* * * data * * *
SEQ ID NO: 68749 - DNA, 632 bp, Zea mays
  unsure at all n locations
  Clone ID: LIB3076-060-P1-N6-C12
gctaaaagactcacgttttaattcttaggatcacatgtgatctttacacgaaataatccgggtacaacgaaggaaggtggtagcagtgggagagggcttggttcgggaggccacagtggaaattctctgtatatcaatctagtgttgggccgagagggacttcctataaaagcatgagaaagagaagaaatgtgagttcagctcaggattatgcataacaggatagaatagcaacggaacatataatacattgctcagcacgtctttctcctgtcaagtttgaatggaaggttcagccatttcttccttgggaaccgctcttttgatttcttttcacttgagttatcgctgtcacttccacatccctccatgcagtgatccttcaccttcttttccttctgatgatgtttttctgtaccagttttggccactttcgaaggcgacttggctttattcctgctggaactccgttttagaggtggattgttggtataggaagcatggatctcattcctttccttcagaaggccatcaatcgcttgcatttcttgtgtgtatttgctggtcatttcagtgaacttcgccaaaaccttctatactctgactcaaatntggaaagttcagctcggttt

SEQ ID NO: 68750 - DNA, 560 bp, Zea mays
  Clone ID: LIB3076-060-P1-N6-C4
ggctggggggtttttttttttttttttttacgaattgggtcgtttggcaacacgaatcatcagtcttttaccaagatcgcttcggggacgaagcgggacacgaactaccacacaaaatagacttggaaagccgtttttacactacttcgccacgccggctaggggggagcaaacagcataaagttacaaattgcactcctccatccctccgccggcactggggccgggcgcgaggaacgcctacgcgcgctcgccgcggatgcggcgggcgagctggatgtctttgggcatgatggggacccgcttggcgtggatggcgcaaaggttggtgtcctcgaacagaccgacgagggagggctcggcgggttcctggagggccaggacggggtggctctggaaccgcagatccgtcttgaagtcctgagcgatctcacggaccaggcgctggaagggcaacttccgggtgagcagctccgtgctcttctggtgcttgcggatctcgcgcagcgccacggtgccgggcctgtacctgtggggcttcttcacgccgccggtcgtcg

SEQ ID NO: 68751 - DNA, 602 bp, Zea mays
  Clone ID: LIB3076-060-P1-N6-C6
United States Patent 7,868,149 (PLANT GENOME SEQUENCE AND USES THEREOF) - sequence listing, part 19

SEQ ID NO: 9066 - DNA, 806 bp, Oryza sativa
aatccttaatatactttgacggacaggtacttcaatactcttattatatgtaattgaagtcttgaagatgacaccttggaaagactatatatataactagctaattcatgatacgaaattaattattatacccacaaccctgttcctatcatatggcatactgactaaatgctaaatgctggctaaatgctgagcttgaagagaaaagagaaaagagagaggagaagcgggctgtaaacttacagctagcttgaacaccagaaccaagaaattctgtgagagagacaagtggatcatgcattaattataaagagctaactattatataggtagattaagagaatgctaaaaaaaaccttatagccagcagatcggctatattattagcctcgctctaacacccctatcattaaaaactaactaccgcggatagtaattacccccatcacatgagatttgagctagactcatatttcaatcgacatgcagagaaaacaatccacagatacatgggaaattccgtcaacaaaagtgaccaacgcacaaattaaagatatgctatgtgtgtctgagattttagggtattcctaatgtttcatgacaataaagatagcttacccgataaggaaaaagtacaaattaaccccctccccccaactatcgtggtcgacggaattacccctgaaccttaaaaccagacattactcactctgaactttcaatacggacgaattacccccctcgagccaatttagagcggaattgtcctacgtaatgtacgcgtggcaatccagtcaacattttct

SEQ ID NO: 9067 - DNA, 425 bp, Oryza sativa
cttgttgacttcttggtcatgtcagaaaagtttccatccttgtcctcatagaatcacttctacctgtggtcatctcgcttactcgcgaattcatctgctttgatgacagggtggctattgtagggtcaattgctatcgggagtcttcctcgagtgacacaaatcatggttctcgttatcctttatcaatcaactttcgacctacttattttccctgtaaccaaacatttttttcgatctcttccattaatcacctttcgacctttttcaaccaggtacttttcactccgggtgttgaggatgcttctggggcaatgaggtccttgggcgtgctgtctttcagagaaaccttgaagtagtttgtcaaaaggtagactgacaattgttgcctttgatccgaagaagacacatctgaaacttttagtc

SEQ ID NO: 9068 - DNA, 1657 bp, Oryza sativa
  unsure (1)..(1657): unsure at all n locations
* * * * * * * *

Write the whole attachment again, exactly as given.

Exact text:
SEQ ID NO: 68749 - DNA, 632 bp, Zea mays
  unsure at all n locations
  Clone ID: LIB3076-060-P1-N6-C12
gctaaaagactcacgttttaattcttaggatcacatgtgatctttacacgaaataatccgggtacaacgaaggaaggtggtagcagtgggagagggcttggttcgggaggccacagtggaaattctctgtatatcaatctagtgttgggccgagagggacttcctataaaagcatgagaaagagaagaaatgtgagttcagctcaggattatgcataacaggatagaatagcaacggaacatataatacattgctcagcacgtctttctcctgtcaagtttgaatggaaggttcagccatttcttccttgggaaccgctcttttgatttcttttcacttgagttatcgctgtcacttccacatccctccatgcagtgatccttcaccttcttttccttctgatgatgtttttctgtaccagttttggccactttcgaaggcgacttggctttattcctgctggaactccgttttagaggtggattgttggtataggaagcatggatctcattcctttccttcagaaggccatcaatcgcttgcatttcttgtgtgtatttgctggtcatttcagtgaacttcgccaaaaccttctatactctgactcaaatntggaaagttcagctcggttt

SEQ ID NO: 68750 - DNA, 560 bp, Zea mays
  Clone ID: LIB3076-060-P1-N6-C4
ggctggggggtttttttttttttttttttacgaattgggtcgtttggcaacacgaatcatcagtcttttaccaagatcgcttcggggacgaagcgggacacgaactaccacacaaaatagacttggaaagccgtttttacactacttcgccacgccggctaggggggagcaaacagcataaagttacaaattgcactcctccatccctccgccggcactggggccgggcgcgaggaacgcctacgcgcgctcgccgcggatgcggcgggcgagctggatgtctttgggcatgatggggacccgcttggcgtggatggcgcaaaggttggtgtcctcgaacagaccgacgagggagggctcggcgggttcctggagggccaggacggggtggctctggaaccgcagatccgtcttgaagtcctgagcgatctcacggaccaggcgctggaagggcaacttccgggtgagcagctccgtgctcttctggtgcttgcggatctcgcgcagcgccacggtgccgggcctgtacctgtggggcttcttcacgccgccggtcgtcg

SEQ ID NO: 68751 - DNA, 602 bp, Zea mays
  Clone ID: LIB3076-060-P1-N6-C6
United States Patent 7,868,149 (PLANT GENOME SEQUENCE AND USES THEREOF) - sequence listing, part 19

SEQ ID NO: 9066 - DNA, 806 bp, Oryza sativa
aatccttaatatactttgacggacaggtacttcaatactcttattatatgtaattgaagtcttgaagatgacaccttggaaagactatatatataactagctaattcatgatacgaaattaattattatacccacaaccctgttcctatcatatggcatactgactaaatgctaaatgctggctaaatgctgagcttgaagagaaaagagaaaagagagaggagaagcgggctgtaaacttacagctagcttgaacaccagaaccaagaaattctgtgagagagacaagtggatcatgcattaattataaagagctaactattatataggtagattaagagaatgctaaaaaaaaccttatagccagcagatcggctatattattagcctcgctctaacacccctatcattaaaaactaactaccgcggatagtaattacccccatcacatgagatttgagctagactcatatttcaatcgacatgcagagaaaacaatccacagatacatgggaaattccgtcaacaaaagtgaccaacgcacaaattaaagatatgctatgtgtgtctgagattttagggtattcctaatgtttcatgacaataaagatagcttacccgataaggaaaaagtacaaattaaccccctccccccaactatcgtggtcgacggaattacccctgaaccttaaaaccagacattactcactctgaactttcaatacggacgaattacccccctcgagccaatttagagcggaattgtcctacgtaatgtacgcgtggcaatccagtcaacattttct

SEQ ID NO: 9067 - DNA, 425 bp, Oryza sativa
cttgttgacttcttggtcatgtcagaaaagtttccatccttgtcctcatagaatcacttctacctgtggtcatctcgcttactcgcgaattcatctgctttgatgacagggtggctattgtagggtcaattgctatcgggagtcttcctcgagtgacacaaatcatggttctcgttatcctttatcaatcaactttcgacctacttattttccctgtaaccaaacatttttttcgatctcttccattaatcacctttcgacctttttcaaccaggtacttttcactccgggtgttgaggatgcttctggggcaatgaggtccttgggcgtgctgtctttcagagaaaccttgaagtagtttgtcaaaaggtagactgacaattgttgcctttgatccgaagaagacacatctgaaacttttagtc

SEQ ID NO: 9068 - DNA, 1657 bp, Oryza sativa
  unsure (1)..(1657): unsure at all n locations